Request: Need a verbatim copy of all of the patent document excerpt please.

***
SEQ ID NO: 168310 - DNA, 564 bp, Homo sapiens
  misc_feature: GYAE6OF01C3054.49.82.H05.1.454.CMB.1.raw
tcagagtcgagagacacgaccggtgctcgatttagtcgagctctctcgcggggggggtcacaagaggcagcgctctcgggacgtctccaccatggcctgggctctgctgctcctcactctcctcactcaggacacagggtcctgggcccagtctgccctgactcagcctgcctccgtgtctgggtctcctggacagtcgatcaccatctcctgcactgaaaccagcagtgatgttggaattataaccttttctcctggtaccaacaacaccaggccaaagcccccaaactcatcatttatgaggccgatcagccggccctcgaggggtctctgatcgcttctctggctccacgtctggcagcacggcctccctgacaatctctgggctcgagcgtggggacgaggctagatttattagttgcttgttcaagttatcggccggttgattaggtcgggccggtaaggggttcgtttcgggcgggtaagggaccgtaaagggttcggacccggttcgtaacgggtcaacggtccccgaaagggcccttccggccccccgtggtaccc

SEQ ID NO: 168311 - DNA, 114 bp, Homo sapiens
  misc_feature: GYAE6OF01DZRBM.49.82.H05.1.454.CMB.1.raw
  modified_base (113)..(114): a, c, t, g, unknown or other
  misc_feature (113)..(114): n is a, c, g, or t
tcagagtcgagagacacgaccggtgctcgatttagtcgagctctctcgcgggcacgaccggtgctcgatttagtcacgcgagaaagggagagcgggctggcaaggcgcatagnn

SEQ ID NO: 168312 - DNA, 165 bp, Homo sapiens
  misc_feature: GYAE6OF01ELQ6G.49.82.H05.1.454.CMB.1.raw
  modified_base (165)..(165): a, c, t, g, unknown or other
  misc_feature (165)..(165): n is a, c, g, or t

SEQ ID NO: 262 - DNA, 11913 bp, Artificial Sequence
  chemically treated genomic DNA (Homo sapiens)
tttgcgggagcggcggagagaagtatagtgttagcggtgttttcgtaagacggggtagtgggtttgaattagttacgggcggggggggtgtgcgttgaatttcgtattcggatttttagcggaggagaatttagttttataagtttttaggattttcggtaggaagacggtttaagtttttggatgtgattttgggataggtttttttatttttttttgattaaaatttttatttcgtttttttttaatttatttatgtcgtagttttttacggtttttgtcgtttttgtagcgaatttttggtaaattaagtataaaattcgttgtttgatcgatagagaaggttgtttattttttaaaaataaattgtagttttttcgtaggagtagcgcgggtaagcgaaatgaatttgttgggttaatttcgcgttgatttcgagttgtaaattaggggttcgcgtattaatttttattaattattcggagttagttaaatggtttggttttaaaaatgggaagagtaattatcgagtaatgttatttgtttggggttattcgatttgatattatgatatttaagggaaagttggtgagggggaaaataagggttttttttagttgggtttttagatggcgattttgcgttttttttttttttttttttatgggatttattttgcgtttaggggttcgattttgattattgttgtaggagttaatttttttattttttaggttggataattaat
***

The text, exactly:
SEQ ID NO: 168310 - DNA, 564 bp, Homo sapiens
  misc_feature: GYAE6OF01C3054.49.82.H05.1.454.CMB.1.raw
tcagagtcgagagacacgaccggtgctcgatttagtcgagctctctcgcggggggggtcacaagaggcagcgctctcgggacgtctccaccatggcctgggctctgctgctcctcactctcctcactcaggacacagggtcctgggcccagtctgccctgactcagcctgcctccgtgtctgggtctcctggacagtcgatcaccatctcctgcactgaaaccagcagtgatgttggaattataaccttttctcctggtaccaacaacaccaggccaaagcccccaaactcatcatttatgaggccgatcagccggccctcgaggggtctctgatcgcttctctggctccacgtctggcagcacggcctccctgacaatctctgggctcgagcgtggggacgaggctagatttattagttgcttgttcaagttatcggccggttgattaggtcgggccggtaaggggttcgtttcgggcgggtaagggaccgtaaagggttcggacccggttcgtaacgggtcaacggtccccgaaagggcccttccggccccccgtggtaccc

SEQ ID NO: 168311 - DNA, 114 bp, Homo sapiens
  misc_feature: GYAE6OF01DZRBM.49.82.H05.1.454.CMB.1.raw
  modified_base (113)..(114): a, c, t, g, unknown or other
  misc_feature (113)..(114): n is a, c, g, or t
tcagagtcgagagacacgaccggtgctcgatttagtcgagctctctcgcgggcacgaccggtgctcgatttagtcacgcgagaaagggagagcgggctggcaaggcgcatagnn

SEQ ID NO: 168312 - DNA, 165 bp, Homo sapiens
  misc_feature: GYAE6OF01ELQ6G.49.82.H05.1.454.CMB.1.raw
  modified_base (165)..(165): a, c, t, g, unknown or other
  misc_feature (165)..(165): n is a, c, g, or t

SEQ ID NO: 262 - DNA, 11913 bp, Artificial Sequence
  chemically treated genomic DNA (Homo sapiens)
tttgcgggagcggcggagagaagtatagtgttagcggtgttttcgtaagacggggtagtgggtttgaattagttacgggcggggggggtgtgcgttgaatttcgtattcggatttttagcggaggagaatttagttttataagtttttaggattttcggtaggaagacggtttaagtttttggatgtgattttgggataggtttttttatttttttttgattaaaatttttatttcgtttttttttaatttatttatgtcgtagttttttacggtttttgtcgtttttgtagcgaatttttggtaaattaagtataaaattcgttgtttgatcgatagagaaggttgtttattttttaaaaataaattgtagttttttcgtaggagtagcgcgggtaagcgaaatgaatttgttgggttaatttcgcgttgatttcgagttgtaaattaggggttcgcgtattaatttttattaattattcggagttagttaaatggtttggttttaaaaatgggaagagtaattatcgagtaatgttatttgtttggggttattcgatttgatattatgatatttaagggaaagttggtgagggggaaaataagggttttttttagttgggtttttagatggcgattttgcgttttttttttttttttttttatgggatttattttgcgtttaggggttcgattttgattattgttgtaggagttaatttttttattttttaggttggataattaat